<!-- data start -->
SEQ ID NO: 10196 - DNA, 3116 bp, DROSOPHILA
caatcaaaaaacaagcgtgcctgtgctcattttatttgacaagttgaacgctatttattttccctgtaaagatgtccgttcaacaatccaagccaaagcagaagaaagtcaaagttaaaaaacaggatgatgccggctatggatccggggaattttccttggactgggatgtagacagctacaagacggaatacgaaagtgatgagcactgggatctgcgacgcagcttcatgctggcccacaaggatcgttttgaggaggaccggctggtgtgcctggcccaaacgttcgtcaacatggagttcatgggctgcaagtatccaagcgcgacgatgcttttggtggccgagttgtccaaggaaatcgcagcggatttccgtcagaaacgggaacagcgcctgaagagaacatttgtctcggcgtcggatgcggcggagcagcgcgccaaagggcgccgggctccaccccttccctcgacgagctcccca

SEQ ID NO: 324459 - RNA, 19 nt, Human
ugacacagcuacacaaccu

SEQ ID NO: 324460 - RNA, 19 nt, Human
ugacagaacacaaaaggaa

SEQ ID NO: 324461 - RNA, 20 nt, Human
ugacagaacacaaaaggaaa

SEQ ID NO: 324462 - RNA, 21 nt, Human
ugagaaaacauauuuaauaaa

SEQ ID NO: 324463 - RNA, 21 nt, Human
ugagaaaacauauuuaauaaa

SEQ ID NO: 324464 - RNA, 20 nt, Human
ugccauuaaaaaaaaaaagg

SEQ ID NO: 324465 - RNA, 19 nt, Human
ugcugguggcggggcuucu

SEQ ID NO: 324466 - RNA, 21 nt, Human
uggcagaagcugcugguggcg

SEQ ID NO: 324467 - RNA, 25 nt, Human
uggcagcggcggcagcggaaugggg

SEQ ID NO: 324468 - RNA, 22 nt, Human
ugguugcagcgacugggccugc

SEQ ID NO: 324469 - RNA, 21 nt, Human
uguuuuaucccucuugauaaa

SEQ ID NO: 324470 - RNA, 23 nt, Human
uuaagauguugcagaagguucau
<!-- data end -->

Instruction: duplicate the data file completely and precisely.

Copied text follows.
SEQ ID NO: 10196 - DNA, 3116 bp, DROSOPHILA
caatcaaaaaacaagcgtgcctgtgctcattttatttgacaagttgaacgctatttattttccctgtaaagatgtccgttcaacaatccaagccaaagcagaagaaagtcaaagttaaaaaacaggatgatgccggctatggatccggggaattttccttggactgggatgtagacagctacaagacggaatacgaaagtgatgagcactgggatctgcgacgcagcttcatgctggcccacaaggatcgttttgaggaggaccggctggtgtgcctggcccaaacgttcgtcaacatggagttcatgggctgcaagtatccaagcgcgacgatgcttttggtggccgagttgtccaaggaaatcgcagcggatttccgtcagaaacgggaacagcgcctgaagagaacatttgtctcggcgtcggatgcggcggagcagcgcgccaaagggcgccgggctccaccccttccctcgacgagctcccca

SEQ ID NO: 324459 - RNA, 19 nt, Human
ugacacagcuacacaaccu

SEQ ID NO: 324460 - RNA, 19 nt, Human
ugacagaacacaaaaggaa

SEQ ID NO: 324461 - RNA, 20 nt, Human
ugacagaacacaaaaggaaa

SEQ ID NO: 324462 - RNA, 21 nt, Human
ugagaaaacauauuuaauaaa

SEQ ID NO: 324463 - RNA, 21 nt, Human
ugagaaaacauauuuaauaaa

SEQ ID NO: 324464 - RNA, 20 nt, Human
ugccauuaaaaaaaaaaagg

SEQ ID NO: 324465 - RNA, 19 nt, Human
ugcugguggcggggcuucu

SEQ ID NO: 324466 - RNA, 21 nt, Human
uggcagaagcugcugguggcg

SEQ ID NO: 324467 - RNA, 25 nt, Human
uggcagcggcggcagcggaaugggg

SEQ ID NO: 324468 - RNA, 22 nt, Human
ugguugcagcgacugggccugc

SEQ ID NO: 324469 - RNA, 21 nt, Human
uguuuuaucccucuugauaaa

SEQ ID NO: 324470 - RNA, 23 nt, Human
uuaagauguugcagaagguucau